Ultrasound-assisted dispersive liquid–liquid microextraction based on the solidification of a floating organic droplet followed by gas chromatography for the determination of eight pyrethroid pesticides in tea samples by Xiaohong Hou; Xin Zheng; Conglu Zhang; Xiaowei Ma; Qiyuan Ling; Longshan Zhao (123-127).
A novel ultrasound-assisted dispersive liquid–liquid microextraction based on solidification of floating organic droplet method (UA-DLLME-SFO) combined with gas chromatography (GC) was developed for the determination of eight pyrethroid pesticides in tea for the first time. After ultrasound and centrifugation, 1-dodecanol and ethanol was used as the extraction and dispersive solvent, respectively. A series of parameters, including extraction solvent and volume, dispersive solvent and volume, extraction time, pH, and ultrasonic time influencing the microextraction efficiency were systematically investigated. Under the optimal conditions, the enrichment factors (EFs) were from 292 to 883 for the eight analytes. The linear ranges for the analytes were from 5 to 100 μg/kg. The method recoveries ranged from 92.1% to 99.6%, with the corresponding RSDs less than 6.0%. The developed method was considered to be simple, fast, and precise to satisfy the requirements of the residual analysis of pyrethroid pesticides.
Keywords: Dispersive liquid–liquid microextraction; Solidification of floating organic droplet; Pyrethroid pesticides; Gas chromatography; Tea;
New graphene fiber coating for volatile organic compounds analysis by GuoJuan Zhang; XiaoXi Guo; ShuLing Wang; XueLan Wang; YanPing Zhou; Hui Xu (128-131).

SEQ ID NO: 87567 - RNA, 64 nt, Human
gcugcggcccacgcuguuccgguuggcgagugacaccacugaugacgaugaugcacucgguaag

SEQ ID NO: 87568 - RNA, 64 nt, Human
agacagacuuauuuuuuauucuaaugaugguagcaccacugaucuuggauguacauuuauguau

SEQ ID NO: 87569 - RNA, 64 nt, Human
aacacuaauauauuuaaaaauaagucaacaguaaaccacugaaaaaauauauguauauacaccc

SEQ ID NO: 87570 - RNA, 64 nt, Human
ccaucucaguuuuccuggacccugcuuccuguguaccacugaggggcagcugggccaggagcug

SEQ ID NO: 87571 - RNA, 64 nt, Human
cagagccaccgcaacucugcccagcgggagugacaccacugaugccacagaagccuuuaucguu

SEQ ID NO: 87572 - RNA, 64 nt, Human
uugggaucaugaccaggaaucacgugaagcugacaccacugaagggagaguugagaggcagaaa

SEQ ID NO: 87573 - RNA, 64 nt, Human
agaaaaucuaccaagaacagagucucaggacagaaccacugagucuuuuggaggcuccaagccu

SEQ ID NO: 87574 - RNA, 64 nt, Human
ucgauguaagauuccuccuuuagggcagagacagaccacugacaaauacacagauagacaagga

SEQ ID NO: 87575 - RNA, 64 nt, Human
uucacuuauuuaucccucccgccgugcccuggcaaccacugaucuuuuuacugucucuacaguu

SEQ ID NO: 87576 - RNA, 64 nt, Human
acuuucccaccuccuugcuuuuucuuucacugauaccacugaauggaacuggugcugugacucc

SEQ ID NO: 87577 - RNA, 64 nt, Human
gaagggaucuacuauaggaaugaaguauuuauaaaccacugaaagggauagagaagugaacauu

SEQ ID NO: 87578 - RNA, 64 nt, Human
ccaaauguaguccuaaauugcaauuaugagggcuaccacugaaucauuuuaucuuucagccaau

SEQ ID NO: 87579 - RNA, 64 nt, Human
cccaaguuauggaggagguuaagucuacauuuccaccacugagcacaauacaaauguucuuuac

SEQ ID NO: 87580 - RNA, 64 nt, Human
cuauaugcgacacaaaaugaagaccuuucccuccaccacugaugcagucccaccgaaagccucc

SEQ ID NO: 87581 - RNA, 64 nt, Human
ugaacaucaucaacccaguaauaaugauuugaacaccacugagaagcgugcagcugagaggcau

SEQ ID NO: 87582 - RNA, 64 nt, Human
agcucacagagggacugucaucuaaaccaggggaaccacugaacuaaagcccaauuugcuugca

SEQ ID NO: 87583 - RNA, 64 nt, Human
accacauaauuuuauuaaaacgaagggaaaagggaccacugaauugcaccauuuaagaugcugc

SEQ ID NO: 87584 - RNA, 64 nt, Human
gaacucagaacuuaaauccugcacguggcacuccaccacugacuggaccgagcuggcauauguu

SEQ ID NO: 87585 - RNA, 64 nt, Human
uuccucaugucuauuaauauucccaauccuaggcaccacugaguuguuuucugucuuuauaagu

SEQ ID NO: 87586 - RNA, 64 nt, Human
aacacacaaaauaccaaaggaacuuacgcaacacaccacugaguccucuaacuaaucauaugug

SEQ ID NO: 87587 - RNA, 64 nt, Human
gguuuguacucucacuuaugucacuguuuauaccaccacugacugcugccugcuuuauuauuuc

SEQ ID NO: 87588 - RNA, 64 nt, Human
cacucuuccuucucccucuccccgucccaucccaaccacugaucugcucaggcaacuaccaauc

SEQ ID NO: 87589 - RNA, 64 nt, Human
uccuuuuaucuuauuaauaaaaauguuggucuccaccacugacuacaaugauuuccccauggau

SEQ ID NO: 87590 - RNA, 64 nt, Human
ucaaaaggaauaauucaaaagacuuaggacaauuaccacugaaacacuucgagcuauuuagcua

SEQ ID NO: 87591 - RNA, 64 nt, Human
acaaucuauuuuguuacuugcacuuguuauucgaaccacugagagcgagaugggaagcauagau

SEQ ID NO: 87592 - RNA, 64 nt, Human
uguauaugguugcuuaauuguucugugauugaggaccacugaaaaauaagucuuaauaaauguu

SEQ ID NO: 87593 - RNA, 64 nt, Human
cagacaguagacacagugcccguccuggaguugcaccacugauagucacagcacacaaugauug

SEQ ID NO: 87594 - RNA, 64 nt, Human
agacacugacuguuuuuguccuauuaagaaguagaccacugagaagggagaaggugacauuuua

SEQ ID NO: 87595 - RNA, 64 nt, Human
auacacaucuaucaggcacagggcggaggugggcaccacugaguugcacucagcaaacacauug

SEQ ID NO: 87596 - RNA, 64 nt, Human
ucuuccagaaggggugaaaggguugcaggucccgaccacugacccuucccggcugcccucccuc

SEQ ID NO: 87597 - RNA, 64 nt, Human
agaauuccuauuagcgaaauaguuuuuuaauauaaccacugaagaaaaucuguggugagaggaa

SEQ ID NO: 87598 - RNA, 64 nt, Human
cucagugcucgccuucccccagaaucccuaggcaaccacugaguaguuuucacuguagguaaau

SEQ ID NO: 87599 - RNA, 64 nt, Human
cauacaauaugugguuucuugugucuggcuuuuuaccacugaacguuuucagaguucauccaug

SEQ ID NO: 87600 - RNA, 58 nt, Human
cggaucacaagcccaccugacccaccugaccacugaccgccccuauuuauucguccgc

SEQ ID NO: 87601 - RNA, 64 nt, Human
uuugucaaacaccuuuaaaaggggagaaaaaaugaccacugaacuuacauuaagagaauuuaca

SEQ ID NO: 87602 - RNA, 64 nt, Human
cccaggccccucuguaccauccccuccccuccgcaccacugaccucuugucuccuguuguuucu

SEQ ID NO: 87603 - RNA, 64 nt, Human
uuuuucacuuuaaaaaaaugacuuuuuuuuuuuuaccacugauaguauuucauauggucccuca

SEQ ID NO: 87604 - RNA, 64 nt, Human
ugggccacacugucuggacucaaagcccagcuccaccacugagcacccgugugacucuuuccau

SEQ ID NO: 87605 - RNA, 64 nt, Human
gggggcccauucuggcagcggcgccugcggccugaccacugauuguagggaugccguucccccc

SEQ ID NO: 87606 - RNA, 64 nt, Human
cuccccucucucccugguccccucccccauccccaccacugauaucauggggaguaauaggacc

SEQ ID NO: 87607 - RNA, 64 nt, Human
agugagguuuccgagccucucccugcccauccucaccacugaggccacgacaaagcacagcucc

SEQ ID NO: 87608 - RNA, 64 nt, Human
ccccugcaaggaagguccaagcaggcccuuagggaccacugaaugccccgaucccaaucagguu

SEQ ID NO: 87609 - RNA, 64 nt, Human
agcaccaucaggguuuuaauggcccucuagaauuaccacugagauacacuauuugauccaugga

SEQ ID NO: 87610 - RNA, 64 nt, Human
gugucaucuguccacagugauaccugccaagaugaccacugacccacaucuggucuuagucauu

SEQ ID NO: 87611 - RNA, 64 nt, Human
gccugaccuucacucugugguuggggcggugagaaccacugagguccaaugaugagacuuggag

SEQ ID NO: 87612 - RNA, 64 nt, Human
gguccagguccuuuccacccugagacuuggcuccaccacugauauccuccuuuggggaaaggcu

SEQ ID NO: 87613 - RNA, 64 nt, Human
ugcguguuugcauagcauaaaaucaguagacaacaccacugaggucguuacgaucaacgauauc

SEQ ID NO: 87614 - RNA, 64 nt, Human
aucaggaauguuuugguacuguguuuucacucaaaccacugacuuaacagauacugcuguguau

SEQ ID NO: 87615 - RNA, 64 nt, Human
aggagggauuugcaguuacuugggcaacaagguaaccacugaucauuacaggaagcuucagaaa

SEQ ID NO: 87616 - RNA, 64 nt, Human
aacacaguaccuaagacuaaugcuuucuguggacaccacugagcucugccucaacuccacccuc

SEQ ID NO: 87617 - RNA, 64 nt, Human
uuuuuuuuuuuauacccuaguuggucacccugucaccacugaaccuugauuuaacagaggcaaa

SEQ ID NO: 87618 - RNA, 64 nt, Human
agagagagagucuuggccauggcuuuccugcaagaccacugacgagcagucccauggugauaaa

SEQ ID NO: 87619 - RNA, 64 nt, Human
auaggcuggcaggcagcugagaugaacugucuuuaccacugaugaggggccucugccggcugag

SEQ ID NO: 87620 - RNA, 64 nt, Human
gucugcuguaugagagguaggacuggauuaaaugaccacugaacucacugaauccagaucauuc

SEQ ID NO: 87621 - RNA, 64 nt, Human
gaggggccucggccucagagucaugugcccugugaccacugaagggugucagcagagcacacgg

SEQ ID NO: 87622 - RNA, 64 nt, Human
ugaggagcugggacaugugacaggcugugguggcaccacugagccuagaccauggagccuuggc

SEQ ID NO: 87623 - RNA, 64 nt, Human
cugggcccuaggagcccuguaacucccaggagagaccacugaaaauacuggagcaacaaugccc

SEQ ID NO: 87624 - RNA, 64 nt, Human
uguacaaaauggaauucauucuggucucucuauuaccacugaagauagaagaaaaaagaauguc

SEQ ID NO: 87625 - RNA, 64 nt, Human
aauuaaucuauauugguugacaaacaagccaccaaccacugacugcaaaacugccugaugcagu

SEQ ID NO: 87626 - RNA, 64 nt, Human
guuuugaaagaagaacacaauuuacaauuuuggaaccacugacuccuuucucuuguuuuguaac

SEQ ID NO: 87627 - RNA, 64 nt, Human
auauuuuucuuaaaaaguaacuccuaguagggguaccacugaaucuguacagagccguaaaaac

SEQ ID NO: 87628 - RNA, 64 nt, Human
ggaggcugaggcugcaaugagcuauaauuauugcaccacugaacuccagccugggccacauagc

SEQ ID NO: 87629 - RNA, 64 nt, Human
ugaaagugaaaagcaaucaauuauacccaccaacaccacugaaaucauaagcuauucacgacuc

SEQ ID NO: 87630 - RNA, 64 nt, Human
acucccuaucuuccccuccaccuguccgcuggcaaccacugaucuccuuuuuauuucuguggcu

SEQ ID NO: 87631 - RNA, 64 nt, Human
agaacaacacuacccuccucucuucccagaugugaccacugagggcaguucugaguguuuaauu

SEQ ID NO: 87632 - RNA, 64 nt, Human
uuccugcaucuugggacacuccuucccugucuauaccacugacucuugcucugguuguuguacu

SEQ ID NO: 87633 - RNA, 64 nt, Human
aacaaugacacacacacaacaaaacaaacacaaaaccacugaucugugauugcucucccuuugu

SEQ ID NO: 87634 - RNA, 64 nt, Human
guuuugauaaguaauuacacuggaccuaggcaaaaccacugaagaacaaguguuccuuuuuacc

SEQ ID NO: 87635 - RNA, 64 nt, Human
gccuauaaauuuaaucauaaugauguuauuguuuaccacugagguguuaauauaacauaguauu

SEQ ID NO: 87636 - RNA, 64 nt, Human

In the work, a novel graphene-based solid phase microextraction-gas chromatography/mass spectrometry method was developed for the analysis of trace amount of volatile organic compounds in human exhaled breath vapor. The graphene fiber coating was prepared by a one-step hydrothermal reduction reaction. The fiber with porous and wrinkled structure exhibited excellent extraction efficiency toward eight studied volatile organic compounds (two n-alkanes, five n-aldehydes and one aromatic compound). Meanwhile, remarkable thermal and mechanical stability, long lifespan and low cost were also obtained for the fiber. Under the optimal conditions, the developed method provided low limits of detection (1.0–4.5 ng L−1), satisfactory reproducibility (3.8–13.8%) and acceptable recoveries (93–122%). The method was applied successfully to the analysis of breath samples of lung cancer patients and healthy individuals. The unique advantage of this approach includes simple setup, non-invasive analysis, cost-efficient and sufficient sensitivity. The proposed method supply us a new possibility to monitor volatile organic compounds in human exhaled breath samples.